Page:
The Alan Parsons Project, Eve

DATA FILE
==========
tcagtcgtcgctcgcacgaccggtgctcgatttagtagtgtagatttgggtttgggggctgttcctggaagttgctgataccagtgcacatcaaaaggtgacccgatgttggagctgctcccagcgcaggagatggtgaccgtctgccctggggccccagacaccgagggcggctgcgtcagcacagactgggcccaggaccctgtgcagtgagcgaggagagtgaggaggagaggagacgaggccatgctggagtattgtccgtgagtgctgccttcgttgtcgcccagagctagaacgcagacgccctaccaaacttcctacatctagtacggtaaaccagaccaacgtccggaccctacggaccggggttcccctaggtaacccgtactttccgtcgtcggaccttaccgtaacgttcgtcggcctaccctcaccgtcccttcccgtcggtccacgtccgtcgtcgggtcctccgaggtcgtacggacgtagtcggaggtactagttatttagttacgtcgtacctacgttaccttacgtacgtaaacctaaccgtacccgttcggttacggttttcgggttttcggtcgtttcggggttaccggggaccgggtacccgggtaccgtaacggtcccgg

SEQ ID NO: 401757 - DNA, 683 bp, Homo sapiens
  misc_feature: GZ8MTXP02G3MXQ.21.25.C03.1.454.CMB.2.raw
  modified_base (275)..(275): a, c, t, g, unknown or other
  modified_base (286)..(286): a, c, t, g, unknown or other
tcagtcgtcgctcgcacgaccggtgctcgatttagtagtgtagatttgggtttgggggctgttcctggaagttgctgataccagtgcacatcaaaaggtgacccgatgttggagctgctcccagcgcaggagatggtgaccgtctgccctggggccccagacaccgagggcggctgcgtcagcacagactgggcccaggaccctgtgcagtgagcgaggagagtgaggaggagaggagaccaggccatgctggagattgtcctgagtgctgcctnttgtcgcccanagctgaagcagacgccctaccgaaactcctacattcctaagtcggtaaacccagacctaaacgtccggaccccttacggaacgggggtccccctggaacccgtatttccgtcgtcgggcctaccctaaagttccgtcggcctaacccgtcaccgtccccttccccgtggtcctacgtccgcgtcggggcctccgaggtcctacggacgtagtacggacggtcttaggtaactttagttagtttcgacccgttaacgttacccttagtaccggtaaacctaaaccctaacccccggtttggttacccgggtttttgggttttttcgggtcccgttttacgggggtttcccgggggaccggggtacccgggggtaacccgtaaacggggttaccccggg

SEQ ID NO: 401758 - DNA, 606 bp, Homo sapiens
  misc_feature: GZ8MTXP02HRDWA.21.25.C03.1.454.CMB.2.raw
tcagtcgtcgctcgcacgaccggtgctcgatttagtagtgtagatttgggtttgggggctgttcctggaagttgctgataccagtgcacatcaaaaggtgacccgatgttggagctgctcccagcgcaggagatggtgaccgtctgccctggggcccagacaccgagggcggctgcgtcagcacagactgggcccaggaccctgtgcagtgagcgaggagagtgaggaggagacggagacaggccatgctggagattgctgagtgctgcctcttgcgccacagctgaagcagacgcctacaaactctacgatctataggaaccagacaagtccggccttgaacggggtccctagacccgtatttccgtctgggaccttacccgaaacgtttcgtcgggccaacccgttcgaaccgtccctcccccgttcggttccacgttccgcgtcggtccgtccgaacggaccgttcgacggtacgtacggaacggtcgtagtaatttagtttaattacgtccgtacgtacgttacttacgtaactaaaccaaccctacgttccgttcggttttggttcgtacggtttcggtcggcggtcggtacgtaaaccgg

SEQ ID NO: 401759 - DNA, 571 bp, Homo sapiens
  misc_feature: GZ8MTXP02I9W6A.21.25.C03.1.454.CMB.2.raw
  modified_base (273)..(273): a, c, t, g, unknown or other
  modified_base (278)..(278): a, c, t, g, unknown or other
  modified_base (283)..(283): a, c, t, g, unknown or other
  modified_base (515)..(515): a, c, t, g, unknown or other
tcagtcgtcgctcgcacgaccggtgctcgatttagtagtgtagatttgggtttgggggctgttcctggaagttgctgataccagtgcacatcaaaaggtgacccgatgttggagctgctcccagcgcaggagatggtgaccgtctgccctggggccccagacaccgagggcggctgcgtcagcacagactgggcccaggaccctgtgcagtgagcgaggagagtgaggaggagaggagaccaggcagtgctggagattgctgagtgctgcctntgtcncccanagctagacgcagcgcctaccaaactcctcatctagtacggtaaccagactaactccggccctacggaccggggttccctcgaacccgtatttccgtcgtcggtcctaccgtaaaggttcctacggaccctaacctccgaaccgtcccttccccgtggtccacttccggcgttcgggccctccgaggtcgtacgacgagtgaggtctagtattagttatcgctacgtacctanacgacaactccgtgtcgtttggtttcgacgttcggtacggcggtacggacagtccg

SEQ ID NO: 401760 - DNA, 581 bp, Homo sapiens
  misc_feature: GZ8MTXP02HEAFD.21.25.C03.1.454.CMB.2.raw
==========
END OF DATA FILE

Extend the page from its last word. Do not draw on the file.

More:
If you looked at the cover, where women in Victorian veils and merciful shadows obscure their half-ulcerated faces, you might condemn this album as misogynistic on its very face (which I suppose would be true in a literal sense). Songs like "You Lie Down With Dogs" only complete the initial impression; a cynical interpretation might find the song's fleas a metaphor for other venereal arthropods, and then David Paton piles on as he'd rather be a man "'cuz a man don't crawl like you do," while "You Won't Be There" and "Winding Me Up" repeatedly decry the feminine manipulation of the fragile male ego. However, a careful listening demonstrates just about every line on side 1 was truly subtle satire, evidenced by the sharp contrast with the second side (led by the album's low point, "Damned If I Do") as it morphs into a portrait of the courageous ("Don't Hold Back"), virtuous ("If I Could Change Your Mind", with the wonderful Leslie Duncan on lead vocals), and, I guess, mysterious ("Secret Garden"). The album's chief problem is that the concept is far more adventurous than the music: in almost every artistic dimension this album is absolutely typical of APP's formulaic 1970s output, with a couple semi-heavy tracks, a couple meditative tracks, a couple instrumentals and a saccharine closer. That doesn't make it bad, but it does take the punch out of what could have been an interesting musical commentary on the state of human relationships and gender, leaving only the syphilitic sores on the front cover as a conversation piece. The reissue adds the usual tiresome early mixes and demos, but does have one noteworthy gem, the lovely "Elsie's Theme" from The Sicilian Defence, their infamous contractual obligation album that "never was." (Content: mild innuendo.)